A historic Columbus, Indiana, bank building designed by celebrated Chicago-based modernist and Cranbrook Academy of Art alum Harry Weese is being converted into a new location for a Columbus-based coffee shop.
Completed in 1961, the old Irwin Union and Trust branch bank on the Near East Side of Columbus at 2531 Eastbrook Plaza had operated as a branch of First Financial Bank since 2008. Last month, the gray-glazed brick building was purchased by Tyler and Alissa Hodge, owners of Lucabe Coffee Co., with plans to transform the midcentury landmark into the second location for their growing business. The original location of Lucabe Coffee Co., where the business will continue to base its in-house baking and food prep operations, is in downtown Columbus.
As detailed in a news release from the Landmark Columbus Foundation, the interior of the building has been renovated multiple times over the years and it will undergo further changes as part of the bank-to-coffee shop adaptive reuse project. However, many signature elements of the bank, including its original drive-thru windows, will be preserved. Per the Foundation, to ensure that “they use an excellent approach to adapt this property for their use,” the Hodges are consulting with the Foundation and other design experts.
“For the past 18 months we have been exploring opportunities to expand, and we’re thrilled to open a second location at this very special property,” said Alissa Hodge in a statement. “It will allow us to connect the design of our great drinks and customer experience to the internationally renowned design legacy of this Harry Weese-designed building in our hometown. It’s a dream come true.”
“Alissa and Tyler are design-minded and very thoughtful about their work,” added Richard McCoy, executive director of Landmark Columbus. “I’m really excited to see this Harry Weese-designed bank become a new kind of community asset.”
The building is situated in a particularly scenic spot overlooking Haw Creek along the Columbus People Trail, an ever-expanding network of sidewalks and paved pedestrian and bicycle paths running throughout the city. While Alissa Hodge recognized that the building’s past life as a drive-thru bank will attract car-bound clientele, its proximity to the People Trail could also prove popular with cyclists, joggers, and the like.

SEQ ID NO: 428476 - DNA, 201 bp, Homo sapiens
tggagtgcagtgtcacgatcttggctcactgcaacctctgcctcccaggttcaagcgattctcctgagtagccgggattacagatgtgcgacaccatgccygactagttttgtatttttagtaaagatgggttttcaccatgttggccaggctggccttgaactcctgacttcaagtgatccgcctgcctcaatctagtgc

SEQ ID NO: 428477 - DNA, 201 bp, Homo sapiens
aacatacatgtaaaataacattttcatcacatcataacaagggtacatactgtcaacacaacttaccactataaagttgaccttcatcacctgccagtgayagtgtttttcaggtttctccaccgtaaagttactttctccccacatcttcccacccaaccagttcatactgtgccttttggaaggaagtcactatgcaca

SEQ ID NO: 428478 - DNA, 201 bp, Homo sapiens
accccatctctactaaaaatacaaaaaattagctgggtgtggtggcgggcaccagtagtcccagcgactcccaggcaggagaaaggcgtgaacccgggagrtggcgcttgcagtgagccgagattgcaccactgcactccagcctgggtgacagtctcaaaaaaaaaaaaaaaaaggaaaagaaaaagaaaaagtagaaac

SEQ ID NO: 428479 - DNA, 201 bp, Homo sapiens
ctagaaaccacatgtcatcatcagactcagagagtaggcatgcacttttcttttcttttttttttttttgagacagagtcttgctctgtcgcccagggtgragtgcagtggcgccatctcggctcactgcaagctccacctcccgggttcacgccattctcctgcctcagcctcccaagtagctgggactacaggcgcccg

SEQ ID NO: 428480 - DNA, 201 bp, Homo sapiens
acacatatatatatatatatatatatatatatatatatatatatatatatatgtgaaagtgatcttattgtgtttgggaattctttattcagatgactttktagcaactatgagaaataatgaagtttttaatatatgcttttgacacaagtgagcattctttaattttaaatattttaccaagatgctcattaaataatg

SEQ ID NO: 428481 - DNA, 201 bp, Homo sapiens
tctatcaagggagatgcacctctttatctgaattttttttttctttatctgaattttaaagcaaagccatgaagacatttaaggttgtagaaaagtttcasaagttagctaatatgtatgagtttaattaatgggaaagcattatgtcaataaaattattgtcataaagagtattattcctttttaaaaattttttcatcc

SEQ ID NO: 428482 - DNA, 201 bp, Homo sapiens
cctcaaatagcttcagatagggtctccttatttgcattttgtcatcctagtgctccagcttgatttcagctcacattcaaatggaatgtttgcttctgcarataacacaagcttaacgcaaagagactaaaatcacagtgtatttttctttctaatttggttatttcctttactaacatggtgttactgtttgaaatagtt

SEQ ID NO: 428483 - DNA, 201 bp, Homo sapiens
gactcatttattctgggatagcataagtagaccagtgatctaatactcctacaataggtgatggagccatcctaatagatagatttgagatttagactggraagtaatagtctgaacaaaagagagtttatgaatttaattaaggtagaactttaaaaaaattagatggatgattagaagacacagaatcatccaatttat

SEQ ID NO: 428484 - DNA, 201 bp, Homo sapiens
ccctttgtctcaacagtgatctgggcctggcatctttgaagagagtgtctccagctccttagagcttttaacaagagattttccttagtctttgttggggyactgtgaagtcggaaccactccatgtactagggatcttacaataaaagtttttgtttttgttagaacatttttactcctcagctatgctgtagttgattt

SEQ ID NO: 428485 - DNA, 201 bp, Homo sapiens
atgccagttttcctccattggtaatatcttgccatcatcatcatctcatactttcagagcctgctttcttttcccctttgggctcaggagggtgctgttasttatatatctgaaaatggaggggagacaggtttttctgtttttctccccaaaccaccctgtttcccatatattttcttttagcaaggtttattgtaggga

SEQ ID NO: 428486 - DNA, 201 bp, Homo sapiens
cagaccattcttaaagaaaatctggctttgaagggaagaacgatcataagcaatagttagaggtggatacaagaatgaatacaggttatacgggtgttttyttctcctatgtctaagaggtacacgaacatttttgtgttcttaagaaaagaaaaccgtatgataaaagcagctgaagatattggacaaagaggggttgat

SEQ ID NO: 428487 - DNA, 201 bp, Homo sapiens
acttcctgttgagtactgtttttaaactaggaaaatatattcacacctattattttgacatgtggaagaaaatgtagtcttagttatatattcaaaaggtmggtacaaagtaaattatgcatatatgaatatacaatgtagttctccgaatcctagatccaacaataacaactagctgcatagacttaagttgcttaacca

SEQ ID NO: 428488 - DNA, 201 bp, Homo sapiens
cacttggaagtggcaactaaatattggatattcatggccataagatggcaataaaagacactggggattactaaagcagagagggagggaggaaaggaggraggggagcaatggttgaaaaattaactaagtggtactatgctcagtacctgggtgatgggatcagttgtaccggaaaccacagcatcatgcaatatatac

The conversion of former banks into restaurants and cafes is nothing new, although transforming car-centric financial hubs into coffee shops has a distinct appeal that has only grown over the past year. Although it isn’t necessary to convert existing buildings with drive-thrus into new stores, last year Starbucks announced a company-wide focus on opening more drive-thrus and fewer walk-in locations. During the COVID-19 pandemic, drive-thru sales for the Seattle-based coffee behemoth grew by more than 10 percent, a trend that the company thinks will stick around for the long haul. (In its home turf, Starbucks does face competition from independently owned drive-thru parking lot espresso shacks, a distinctly Pacific Northwest phenomenon.)
The Eastbrook location of the old Irwin Union and Trust bank is far from Weese’s only completed building in Columbus, a city famously packed with public buildings designed by noted modernists. Other Weese-designed buildings in Columbus include Schmitt Elementary School, Northside Middle School, the Cummins Columbus Engine Plant, the First Baptist Church, and the Hamilton Ice Center among others. Outside of Columbus, Weese’s prolific career yielded the Washington Metro’s Brutalist subway stations, Milwaukee’s Marcus Center for the Performing Arts, and the Time & Life Building and Seventeenth Church of Christ, Scientist, both in Chicago.
The second location of Lucabe Coffee Co. is scheduled to open this July, just in time for the August kick-off of the 2021 Exhibit Columbus Exhibition.